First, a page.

ISBN: 978-1-973631-00-2

Page Count: 876

Publisher: Westbow Press

Review Posted Online: Jan. 9, 2019

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If the authors are serious, this is a silly, distasteful book. If they are not, it’s a brilliant satire.


The authors have created a sort of anti-Book of Virtues in this encyclopedic compendium of the ways and means of power.

Everyone wants power and everyone is in a constant duplicitous game to gain more power at the expense of others, according to Greene, a screenwriter and former editor at Esquire (Elffers, a book packager, designed the volume, with its attractive marginalia). We live today as courtiers once did in royal courts: we must appear civil while attempting to crush all those around us. This power game can be played well or poorly, and in these 48 laws culled from the history and wisdom of the world’s greatest power players are the rules that must be followed to win. These laws boil down to being as ruthless, selfish, manipulative, and deceitful as possible. Each law, however, gets its own chapter: “Conceal Your Intentions,” “Always Say Less Than Necessary,” “Pose as a Friend, Work as a Spy,” and so on. Each chapter is conveniently broken down into sections on what happened to those who transgressed or observed the particular law, the key elements in this law, and ways to defensively reverse this law when it’s used against you. Quotations in the margins amplify the lesson being taught. While compelling in the way an auto accident might be, the book is simply nonsense. Rules often contradict each other. We are told, for instance, to “be conspicuous at all cost,” then told to “behave like others.” More seriously, Greene never really defines “power,” and he merely asserts, rather than offers evidence for, the Hobbesian world of all against all in which he insists we live. The world may be like this at times, but often it isn’t. To ask why this is so would be a far more useful project.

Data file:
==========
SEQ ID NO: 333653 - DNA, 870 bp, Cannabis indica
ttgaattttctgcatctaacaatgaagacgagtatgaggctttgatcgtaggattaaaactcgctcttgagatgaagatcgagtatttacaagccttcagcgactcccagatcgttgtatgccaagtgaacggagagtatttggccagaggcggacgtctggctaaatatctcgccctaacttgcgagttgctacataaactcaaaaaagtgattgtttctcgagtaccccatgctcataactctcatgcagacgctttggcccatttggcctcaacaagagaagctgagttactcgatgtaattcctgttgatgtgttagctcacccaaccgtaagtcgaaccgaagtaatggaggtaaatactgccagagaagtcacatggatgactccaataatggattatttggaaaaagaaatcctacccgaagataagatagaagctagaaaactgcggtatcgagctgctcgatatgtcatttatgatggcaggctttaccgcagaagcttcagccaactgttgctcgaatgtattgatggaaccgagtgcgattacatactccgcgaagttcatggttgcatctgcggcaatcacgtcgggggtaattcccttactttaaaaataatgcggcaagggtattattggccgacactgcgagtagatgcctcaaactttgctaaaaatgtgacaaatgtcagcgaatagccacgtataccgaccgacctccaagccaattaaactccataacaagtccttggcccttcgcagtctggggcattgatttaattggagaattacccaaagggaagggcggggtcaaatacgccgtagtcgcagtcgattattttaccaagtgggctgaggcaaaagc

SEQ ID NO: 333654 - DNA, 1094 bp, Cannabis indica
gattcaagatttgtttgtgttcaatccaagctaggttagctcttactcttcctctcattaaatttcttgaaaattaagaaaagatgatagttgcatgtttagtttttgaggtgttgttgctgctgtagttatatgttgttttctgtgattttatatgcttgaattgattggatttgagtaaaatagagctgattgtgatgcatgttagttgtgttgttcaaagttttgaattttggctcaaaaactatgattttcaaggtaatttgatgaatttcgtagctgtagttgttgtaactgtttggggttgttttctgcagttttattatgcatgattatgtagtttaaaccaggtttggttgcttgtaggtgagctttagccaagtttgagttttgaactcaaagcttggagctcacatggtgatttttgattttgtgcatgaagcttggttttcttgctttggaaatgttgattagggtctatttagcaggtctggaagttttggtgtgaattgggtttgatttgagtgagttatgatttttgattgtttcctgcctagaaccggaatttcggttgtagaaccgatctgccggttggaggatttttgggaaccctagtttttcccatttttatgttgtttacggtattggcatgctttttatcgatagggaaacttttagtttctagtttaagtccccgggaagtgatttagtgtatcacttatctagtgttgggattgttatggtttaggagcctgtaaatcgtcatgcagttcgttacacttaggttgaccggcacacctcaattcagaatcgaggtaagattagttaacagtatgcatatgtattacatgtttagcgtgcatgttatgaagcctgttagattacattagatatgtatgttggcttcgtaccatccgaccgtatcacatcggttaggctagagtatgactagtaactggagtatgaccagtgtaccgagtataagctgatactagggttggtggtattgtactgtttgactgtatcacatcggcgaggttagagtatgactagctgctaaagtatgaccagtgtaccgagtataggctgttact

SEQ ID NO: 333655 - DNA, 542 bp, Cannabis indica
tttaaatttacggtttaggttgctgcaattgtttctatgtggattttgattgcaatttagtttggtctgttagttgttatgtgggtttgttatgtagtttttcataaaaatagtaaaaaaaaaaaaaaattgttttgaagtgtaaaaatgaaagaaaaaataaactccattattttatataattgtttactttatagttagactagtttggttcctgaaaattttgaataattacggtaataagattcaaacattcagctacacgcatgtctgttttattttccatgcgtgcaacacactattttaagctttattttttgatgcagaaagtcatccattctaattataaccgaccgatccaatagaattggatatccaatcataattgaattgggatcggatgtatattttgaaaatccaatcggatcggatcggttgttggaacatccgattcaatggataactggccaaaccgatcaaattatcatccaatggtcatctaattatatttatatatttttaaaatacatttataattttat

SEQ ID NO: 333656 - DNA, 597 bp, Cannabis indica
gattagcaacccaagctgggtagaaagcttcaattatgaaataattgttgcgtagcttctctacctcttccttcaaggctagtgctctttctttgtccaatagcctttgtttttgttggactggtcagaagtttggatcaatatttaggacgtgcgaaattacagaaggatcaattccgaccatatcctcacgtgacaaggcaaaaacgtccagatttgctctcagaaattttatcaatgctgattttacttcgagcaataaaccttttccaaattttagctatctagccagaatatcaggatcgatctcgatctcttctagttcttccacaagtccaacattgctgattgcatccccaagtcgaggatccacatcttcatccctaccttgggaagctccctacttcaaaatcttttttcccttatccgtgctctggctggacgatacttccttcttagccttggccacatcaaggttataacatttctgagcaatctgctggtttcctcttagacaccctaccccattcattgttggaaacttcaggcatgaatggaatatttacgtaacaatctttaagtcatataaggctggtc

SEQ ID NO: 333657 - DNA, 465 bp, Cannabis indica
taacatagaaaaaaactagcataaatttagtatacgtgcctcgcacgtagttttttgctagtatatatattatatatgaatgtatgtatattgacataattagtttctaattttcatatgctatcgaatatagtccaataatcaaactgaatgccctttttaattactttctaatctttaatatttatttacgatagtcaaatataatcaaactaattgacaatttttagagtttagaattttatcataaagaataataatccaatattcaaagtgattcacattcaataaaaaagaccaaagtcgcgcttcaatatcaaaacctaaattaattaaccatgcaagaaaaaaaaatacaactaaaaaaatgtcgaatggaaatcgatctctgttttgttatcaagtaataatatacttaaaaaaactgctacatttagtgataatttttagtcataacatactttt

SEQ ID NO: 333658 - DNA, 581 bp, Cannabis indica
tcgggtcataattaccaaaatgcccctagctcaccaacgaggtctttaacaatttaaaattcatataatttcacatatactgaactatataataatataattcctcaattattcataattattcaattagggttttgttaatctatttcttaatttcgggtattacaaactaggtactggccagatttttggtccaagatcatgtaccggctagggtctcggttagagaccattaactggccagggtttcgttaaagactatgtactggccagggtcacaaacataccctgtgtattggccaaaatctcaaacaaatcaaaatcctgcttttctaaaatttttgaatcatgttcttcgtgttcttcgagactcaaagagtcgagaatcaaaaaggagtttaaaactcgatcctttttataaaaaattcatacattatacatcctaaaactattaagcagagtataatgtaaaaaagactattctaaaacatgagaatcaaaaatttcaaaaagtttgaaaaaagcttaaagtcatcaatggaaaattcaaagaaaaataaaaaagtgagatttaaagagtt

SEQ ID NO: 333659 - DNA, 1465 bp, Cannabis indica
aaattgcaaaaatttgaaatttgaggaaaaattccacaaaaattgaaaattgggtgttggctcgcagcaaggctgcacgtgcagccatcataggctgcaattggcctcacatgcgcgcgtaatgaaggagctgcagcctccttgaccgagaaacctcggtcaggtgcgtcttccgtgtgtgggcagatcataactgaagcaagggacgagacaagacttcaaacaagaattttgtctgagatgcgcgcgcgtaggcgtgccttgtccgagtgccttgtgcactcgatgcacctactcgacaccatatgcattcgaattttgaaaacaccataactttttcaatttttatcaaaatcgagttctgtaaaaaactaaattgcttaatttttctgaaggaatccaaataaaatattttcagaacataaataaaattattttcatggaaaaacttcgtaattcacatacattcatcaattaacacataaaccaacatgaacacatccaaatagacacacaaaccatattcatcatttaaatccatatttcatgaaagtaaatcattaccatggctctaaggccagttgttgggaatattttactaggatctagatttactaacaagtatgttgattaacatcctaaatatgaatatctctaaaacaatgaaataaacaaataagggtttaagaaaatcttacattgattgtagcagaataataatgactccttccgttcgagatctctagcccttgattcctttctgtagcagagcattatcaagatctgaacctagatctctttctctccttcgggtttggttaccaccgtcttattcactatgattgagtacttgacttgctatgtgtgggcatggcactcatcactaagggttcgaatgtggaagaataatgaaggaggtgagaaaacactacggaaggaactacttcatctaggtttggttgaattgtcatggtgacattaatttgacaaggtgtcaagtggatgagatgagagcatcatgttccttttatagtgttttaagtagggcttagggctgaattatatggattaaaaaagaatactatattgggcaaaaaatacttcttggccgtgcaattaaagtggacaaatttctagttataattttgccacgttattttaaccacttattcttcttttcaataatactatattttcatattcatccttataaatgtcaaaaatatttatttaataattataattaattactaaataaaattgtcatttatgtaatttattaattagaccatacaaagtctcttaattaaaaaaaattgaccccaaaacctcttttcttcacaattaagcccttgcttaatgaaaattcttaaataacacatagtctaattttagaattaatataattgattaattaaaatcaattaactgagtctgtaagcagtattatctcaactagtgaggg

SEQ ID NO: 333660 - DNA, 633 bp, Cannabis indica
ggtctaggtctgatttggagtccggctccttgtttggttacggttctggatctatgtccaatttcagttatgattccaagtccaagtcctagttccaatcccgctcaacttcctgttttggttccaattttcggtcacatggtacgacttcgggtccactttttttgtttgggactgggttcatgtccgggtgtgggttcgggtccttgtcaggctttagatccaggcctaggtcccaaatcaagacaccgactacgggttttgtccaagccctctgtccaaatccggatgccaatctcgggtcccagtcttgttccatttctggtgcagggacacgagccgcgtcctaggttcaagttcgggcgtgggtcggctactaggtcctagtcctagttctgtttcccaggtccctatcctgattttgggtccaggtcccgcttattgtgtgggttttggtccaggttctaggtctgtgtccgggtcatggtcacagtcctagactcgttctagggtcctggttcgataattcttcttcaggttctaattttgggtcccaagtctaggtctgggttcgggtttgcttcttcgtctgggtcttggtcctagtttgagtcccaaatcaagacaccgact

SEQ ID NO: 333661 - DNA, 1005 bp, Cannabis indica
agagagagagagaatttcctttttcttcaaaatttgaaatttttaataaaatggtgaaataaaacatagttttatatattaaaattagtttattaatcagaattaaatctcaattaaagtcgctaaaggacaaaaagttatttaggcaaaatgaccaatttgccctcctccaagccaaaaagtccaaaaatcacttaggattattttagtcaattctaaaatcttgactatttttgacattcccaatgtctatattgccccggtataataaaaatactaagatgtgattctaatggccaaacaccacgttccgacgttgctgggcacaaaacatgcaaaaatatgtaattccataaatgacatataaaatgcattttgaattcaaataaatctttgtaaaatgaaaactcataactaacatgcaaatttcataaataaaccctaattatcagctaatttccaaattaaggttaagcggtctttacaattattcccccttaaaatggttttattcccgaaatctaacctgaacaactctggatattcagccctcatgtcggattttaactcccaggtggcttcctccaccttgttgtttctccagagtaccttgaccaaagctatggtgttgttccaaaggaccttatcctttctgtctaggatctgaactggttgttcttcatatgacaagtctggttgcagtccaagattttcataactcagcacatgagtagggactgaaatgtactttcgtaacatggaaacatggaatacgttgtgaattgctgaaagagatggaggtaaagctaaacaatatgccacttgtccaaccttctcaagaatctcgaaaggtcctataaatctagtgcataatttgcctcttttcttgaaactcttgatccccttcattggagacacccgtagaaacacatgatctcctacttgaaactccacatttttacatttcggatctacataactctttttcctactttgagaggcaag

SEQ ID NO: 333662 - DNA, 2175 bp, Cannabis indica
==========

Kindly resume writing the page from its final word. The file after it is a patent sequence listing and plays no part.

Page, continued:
If the authors are serious, this is a silly, distasteful book. If they are not, it’s a brilliant satire.

Pub Date: Sept. 1, 1998

ISBN: 0-670-88146-5

Page Count: 430

Publisher: Viking

Review Posted Online: May 20, 2010

Kirkus Reviews Issue: July 15, 1998